Last weekend

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HarpingOn

Screen shot 2016-06-10 at 15.22.59

What sphinx of cement and aluminum bashed open their skulls and ate up their brains and imagination?

Turning onto East 1st Street from the Bowery, I was looking for a gallery. Big deal, right? In that part of NYC, it’s like shooting fish in a barrel. The borderlands of the East Village and SoHo are flush with small edgy show spaces, invariably containing white painted brick walls and exposed piping, adding that almost-ironic element of consistency to those amorphous paintings you’ve convinced yourself you’re beholding with an autonomous eye. In navigating my way, I didn’t have to look at building numbers to spot where I needed to be. It was pretty obvious I was in the right place when I happened upon a twenty-something young woman, complete with dyed blonde mullet and high rise jeans, sat at a bright turquoise typewriter embossed with the words “Free Haiku.”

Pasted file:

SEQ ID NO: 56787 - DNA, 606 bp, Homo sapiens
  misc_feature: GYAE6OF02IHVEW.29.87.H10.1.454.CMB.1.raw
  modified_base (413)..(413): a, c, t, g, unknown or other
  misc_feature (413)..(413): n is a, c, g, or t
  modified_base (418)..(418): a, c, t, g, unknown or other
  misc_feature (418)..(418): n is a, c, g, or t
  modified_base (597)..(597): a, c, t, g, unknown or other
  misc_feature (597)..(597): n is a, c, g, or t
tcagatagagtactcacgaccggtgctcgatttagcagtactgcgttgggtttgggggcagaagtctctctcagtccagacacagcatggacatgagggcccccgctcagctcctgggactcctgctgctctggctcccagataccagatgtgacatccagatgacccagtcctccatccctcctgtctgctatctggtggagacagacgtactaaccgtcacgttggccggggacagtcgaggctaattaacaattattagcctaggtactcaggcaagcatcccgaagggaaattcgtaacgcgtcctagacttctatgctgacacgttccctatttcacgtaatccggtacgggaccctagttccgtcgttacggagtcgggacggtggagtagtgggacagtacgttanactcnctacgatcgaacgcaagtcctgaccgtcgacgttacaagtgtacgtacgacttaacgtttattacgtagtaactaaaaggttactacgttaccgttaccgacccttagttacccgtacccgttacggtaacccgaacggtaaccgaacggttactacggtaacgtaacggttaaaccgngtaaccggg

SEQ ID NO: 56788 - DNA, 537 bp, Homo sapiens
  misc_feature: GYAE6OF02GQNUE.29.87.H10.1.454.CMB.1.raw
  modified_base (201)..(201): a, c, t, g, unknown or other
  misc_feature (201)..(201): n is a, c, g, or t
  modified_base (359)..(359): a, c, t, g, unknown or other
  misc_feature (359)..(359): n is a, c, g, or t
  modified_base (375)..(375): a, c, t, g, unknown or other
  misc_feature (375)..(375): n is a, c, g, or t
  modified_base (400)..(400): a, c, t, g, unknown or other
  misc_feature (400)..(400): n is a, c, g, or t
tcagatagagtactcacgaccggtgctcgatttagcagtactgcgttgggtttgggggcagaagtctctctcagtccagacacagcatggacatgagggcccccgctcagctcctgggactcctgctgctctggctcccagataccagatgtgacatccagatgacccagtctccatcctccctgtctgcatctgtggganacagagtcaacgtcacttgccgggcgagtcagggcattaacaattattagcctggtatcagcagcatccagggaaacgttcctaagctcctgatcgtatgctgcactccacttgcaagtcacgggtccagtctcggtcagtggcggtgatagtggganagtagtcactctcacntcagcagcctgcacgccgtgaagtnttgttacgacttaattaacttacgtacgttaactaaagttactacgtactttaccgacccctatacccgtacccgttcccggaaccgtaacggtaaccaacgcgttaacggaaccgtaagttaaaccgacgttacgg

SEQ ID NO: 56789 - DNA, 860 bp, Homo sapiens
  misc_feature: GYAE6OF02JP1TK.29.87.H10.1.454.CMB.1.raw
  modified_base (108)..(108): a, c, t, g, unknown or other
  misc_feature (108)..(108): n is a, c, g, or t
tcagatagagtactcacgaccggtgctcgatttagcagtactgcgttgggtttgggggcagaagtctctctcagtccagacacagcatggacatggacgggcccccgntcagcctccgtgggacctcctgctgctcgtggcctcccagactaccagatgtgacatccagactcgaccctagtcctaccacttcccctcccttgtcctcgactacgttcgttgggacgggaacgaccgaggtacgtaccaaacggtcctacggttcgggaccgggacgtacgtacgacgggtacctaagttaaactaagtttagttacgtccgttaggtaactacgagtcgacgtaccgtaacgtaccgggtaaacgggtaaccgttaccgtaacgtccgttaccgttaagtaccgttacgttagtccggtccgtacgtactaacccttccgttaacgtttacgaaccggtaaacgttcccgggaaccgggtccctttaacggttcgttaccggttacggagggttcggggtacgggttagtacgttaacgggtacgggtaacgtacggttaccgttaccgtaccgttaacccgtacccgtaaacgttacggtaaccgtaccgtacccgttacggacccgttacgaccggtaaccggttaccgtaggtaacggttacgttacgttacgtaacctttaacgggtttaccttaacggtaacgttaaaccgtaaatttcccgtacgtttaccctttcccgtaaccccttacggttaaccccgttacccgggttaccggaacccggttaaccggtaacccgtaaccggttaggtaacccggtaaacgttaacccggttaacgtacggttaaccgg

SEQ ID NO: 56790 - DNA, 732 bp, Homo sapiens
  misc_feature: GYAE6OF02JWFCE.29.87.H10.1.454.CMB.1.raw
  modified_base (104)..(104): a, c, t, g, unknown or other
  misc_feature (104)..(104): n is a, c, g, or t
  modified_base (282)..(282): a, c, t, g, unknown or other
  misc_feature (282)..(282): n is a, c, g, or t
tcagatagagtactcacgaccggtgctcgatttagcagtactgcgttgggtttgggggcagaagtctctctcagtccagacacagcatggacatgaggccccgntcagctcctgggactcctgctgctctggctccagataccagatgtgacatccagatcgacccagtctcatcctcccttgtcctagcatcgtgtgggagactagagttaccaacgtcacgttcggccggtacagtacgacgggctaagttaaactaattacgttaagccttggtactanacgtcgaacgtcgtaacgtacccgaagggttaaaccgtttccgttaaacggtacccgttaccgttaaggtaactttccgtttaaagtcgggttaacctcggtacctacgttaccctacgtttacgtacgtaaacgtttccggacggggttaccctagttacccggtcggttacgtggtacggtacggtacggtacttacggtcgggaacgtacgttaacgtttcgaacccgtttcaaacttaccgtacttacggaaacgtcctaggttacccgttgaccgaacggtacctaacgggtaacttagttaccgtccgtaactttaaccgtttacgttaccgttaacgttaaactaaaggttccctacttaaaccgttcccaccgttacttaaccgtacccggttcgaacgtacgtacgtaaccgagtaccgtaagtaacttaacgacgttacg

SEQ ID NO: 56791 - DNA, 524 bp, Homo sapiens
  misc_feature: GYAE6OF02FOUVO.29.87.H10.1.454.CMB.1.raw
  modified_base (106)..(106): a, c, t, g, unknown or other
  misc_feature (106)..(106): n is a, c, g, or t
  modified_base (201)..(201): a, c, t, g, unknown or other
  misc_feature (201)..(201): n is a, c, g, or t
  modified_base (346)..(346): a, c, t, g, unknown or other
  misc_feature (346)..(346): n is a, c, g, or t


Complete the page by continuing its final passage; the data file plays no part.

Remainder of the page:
where we are great writers on the same dreadful typewriter

I had arrived at an event commemorating Allen Ginsberg, a reenactment of the Six Gallery reading on Oct. 7, 1955 – the night Howl was first read in public. Stepping inside the gallery, it became clear that the event wasn’t just any reenactment. It was an act of remembrance by the remaining Beat poets of that generation, some of whom were present at Howl’s first reading. 

secret hero of these poems, cocksman and Adonis of Denver

A predominantly older crowd swanned through the space, talking with one another while eating lemon curd tarts and finger sandwiches to the sounds of Ray Charles’s greatest hits. There was an inordinate array of beads and bangles, syncretic combinations of Native American and South Asian fashion fiascos, cravats, bandanas, all emitting an animate energy which offset the sights of walking sticks and the occasional whirr of a hearing aid.